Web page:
I was glad when I read about the case. That is how to fight marginalisation in a lawful environment. Agbakoba has articulated the issues. That is what I expected Governors from the South-East region and Ohanaeze Ndigbo to have done. We need to go to court and know if what the Federal Government is doing is right. Even if the Federal Government will not implement the outcome, let us have it first. It is my expectation that the five states in Igbo land and other groups will join in the suit. If you feel that the outcome of the suit will affect you, you can join. The Federal Government should not see this litigation as an act of hostility. It should see it as a window for a new beginning. It should approach it with a mind frame to make things right. The Federal Government must look at the reliefs sought to know if they can implement some of them while the suit is still in court. It should be a springboard to reach out to the various agitating groups.

I expect the political leadership in the South-East to take up this case. I expect all the senior lawyers and all the Senior Advocates from the South-East to dust up their wigs and join Agbakoba. This is the first time such a well articulated suit is being filed.

Some Nigerians believe that the Igbo had their chance when ex-President Goodluck Jonathan was in power to push for the development of the South-East since they occupied key positions in that government. Do you share that view?

I have always said that appointing people from a certain geopolitical zone does not add value to that area. At best, they take care of themselves and their friends. That has been the cause of underdevelopment in Nigeria. In other countries where they have made significant progress, they do not appoint people based on where they come from, they appoint them based on their competence. Unfortunately, the political elites that have advanced this argument about appointing people from a zone are doing so because they are the sole beneficiaries. The role of the Igbo in Jonathan’s administration has shown to the whole world that appointing people from a geopolitical zone does not translate into the development of that zone. Otherwise, why will the second Niger Bridge not be completed in four years? Why were the bad roads not fixed? The truth is that, it is an elite conspiracy. If appointing people from a particular zone were an index for development, the whole of the north would have been developed by now. They have been in power for a long time. The masses must know the truth about this argument.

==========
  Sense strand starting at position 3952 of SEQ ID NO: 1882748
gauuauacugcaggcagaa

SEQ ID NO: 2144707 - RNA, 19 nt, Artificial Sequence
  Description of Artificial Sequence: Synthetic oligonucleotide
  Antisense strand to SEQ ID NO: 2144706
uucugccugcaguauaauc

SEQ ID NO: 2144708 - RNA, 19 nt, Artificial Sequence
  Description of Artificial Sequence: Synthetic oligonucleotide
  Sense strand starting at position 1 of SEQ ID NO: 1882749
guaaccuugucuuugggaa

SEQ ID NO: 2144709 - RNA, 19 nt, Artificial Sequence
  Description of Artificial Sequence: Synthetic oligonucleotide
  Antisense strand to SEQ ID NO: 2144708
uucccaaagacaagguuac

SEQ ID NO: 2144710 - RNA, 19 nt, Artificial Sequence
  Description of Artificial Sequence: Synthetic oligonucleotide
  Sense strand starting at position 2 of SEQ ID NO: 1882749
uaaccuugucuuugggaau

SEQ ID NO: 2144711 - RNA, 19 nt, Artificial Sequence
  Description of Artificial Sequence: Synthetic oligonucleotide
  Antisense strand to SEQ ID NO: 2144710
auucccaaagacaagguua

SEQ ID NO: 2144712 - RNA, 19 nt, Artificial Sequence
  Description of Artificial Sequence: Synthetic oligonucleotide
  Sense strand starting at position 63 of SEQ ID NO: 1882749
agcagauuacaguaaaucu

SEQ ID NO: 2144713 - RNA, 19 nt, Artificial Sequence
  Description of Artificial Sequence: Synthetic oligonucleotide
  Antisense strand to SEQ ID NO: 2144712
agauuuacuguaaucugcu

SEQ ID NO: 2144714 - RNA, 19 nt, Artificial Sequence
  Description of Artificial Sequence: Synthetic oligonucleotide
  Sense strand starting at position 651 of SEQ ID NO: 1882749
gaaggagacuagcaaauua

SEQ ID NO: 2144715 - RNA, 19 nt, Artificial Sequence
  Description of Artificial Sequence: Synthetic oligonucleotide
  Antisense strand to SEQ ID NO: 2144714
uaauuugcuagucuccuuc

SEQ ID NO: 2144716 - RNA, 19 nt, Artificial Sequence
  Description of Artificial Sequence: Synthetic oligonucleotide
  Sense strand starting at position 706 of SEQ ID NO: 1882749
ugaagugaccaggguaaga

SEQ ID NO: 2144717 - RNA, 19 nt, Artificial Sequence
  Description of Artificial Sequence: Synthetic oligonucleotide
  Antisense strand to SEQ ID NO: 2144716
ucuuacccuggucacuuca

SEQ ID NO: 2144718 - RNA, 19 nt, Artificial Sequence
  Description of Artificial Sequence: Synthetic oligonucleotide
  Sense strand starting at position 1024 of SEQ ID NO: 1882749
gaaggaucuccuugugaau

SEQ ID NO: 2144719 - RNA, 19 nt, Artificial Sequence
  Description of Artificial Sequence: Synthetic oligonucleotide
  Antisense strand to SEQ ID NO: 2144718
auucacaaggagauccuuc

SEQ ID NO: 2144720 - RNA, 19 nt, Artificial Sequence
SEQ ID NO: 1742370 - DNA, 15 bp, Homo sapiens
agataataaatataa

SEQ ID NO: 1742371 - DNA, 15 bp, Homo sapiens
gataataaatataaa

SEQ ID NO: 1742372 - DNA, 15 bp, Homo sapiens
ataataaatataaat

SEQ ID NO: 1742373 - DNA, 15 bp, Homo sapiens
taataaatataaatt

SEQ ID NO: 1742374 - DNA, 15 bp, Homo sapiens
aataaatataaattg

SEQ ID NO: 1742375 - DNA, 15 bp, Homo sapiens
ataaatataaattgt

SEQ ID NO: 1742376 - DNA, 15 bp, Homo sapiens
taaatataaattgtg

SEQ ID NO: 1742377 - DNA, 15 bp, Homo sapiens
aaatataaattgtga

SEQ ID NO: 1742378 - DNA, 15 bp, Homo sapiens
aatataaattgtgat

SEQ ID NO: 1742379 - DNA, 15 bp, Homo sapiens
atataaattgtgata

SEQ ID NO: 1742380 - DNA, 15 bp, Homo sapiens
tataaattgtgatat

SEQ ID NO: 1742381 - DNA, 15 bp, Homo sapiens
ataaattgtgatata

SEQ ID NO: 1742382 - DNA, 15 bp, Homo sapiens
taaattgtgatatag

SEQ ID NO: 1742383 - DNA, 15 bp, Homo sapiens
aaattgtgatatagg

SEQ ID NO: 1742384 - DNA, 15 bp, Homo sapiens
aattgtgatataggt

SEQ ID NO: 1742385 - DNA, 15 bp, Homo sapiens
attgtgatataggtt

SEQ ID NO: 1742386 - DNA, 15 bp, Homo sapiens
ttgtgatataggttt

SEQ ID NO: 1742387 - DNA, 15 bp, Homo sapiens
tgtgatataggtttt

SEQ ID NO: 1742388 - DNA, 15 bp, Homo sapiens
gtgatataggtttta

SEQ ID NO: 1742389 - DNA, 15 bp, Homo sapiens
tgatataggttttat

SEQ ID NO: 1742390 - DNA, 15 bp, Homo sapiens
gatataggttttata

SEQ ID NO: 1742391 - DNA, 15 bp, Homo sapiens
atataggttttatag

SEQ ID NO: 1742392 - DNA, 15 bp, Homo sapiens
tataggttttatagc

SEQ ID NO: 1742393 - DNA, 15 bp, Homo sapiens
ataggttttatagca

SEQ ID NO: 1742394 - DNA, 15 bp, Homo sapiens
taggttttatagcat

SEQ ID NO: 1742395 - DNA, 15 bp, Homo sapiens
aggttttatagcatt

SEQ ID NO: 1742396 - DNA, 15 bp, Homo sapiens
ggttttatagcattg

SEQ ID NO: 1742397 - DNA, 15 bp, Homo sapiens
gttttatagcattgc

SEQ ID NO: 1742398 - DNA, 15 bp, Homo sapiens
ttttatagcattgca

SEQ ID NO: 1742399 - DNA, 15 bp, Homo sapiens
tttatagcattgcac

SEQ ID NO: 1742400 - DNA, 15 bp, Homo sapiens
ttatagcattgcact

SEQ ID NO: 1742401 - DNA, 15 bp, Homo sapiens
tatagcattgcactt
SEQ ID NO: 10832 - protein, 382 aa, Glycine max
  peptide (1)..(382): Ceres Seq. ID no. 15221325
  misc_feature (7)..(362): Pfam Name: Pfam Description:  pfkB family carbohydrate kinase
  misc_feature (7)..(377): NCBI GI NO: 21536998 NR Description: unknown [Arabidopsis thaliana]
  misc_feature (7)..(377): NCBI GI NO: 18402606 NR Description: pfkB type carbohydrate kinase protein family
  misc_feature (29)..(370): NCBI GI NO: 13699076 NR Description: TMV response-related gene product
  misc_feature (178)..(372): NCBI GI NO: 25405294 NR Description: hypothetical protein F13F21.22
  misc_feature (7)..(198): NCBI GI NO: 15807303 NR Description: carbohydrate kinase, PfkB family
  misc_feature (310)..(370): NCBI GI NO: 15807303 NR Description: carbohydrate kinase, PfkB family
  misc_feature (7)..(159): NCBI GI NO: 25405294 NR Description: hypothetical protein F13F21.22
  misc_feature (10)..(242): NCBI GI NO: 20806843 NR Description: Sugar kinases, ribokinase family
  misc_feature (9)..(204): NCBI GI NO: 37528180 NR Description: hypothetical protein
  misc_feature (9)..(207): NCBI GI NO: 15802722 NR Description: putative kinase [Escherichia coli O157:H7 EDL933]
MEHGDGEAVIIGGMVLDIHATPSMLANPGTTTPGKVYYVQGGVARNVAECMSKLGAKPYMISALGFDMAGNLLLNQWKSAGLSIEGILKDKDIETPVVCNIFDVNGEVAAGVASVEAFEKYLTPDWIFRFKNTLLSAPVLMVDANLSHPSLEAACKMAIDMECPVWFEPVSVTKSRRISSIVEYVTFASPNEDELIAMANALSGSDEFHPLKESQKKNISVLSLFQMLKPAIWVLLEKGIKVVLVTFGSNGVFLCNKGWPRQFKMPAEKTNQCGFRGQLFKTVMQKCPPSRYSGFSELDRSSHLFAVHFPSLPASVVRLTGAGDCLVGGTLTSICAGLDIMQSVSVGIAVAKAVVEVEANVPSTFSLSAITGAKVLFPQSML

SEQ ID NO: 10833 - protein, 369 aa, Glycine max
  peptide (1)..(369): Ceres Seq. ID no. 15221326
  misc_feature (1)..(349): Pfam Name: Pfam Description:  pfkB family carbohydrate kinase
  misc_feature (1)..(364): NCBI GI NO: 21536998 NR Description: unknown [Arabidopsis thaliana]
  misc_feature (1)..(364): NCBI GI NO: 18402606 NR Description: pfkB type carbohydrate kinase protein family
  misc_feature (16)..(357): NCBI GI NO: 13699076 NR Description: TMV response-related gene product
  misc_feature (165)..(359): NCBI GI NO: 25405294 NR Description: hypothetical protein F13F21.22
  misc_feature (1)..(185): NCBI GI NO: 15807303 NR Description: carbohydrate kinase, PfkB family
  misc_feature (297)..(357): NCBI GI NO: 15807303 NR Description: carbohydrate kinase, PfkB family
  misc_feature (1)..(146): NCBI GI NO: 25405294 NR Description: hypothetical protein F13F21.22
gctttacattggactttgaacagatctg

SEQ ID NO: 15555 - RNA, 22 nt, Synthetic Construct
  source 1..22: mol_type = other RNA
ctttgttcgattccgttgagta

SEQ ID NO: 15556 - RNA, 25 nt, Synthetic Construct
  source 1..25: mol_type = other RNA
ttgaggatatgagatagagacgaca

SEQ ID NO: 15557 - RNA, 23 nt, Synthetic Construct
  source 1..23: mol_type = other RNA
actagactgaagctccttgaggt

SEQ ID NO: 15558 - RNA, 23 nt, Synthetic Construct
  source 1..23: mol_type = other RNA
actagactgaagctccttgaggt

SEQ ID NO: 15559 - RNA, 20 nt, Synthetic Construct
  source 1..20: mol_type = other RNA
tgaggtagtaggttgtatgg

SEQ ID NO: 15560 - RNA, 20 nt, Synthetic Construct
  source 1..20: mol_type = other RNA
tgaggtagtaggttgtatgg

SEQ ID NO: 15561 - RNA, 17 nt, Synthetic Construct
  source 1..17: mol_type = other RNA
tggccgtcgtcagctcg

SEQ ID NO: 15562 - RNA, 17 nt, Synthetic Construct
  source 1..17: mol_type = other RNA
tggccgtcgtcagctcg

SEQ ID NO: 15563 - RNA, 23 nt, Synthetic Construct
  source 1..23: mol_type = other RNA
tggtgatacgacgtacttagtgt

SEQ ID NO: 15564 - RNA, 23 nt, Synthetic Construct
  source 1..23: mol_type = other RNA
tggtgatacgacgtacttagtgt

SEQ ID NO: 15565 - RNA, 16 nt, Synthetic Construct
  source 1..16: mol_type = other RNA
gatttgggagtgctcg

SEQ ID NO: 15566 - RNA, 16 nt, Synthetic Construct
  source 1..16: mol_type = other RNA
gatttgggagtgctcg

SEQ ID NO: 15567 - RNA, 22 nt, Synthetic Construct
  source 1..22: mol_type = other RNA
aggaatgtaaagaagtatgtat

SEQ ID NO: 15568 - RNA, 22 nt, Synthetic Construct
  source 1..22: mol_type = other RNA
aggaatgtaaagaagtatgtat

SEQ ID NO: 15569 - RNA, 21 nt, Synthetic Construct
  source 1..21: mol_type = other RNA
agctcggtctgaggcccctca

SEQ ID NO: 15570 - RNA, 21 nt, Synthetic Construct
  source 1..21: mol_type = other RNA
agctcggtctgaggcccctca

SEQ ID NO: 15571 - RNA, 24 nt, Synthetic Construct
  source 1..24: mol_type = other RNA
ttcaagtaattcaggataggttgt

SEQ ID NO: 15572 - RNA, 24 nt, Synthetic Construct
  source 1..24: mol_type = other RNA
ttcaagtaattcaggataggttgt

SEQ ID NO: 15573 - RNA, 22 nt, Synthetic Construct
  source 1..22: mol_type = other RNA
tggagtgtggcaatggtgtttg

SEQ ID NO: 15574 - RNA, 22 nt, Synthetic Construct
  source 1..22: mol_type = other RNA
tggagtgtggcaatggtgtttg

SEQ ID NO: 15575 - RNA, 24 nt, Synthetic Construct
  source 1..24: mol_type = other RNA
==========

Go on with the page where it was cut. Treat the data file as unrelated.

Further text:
How would you rate the government of Governor Rochas Okorocha of Imo State?

I sometimes hate to criticize for the sake of it. If you ask an average person in Imo today about their take on the performance of the governor, what he will be remembered for is that, he dismantled the entire structure of governance. I do not care what he has achieved. There is a process through which governance is operated. You cannot collapse a system and make governance look like a provision store. I am not saying that he has not executed a number of projects. I have seen some projects he executed in Owerri. What I do not know is whether there will be a single file on those projects executed when Okorocha leaves office. What we need to do in Imo state is to restore accountability and governance to what it used to be. If you do not do that, it will be difficult to assess Okorocha. How do I know how much has accrued to the state in about six years? We cannot continue this voodoo practice. Okorocha defies understanding.

Are you running for any political office in 2019?

I am a politician. My job is to contribute my quota to the development of this country in any way I see possible. I am in politics, when I decide to run for any political office, I will put you in the know.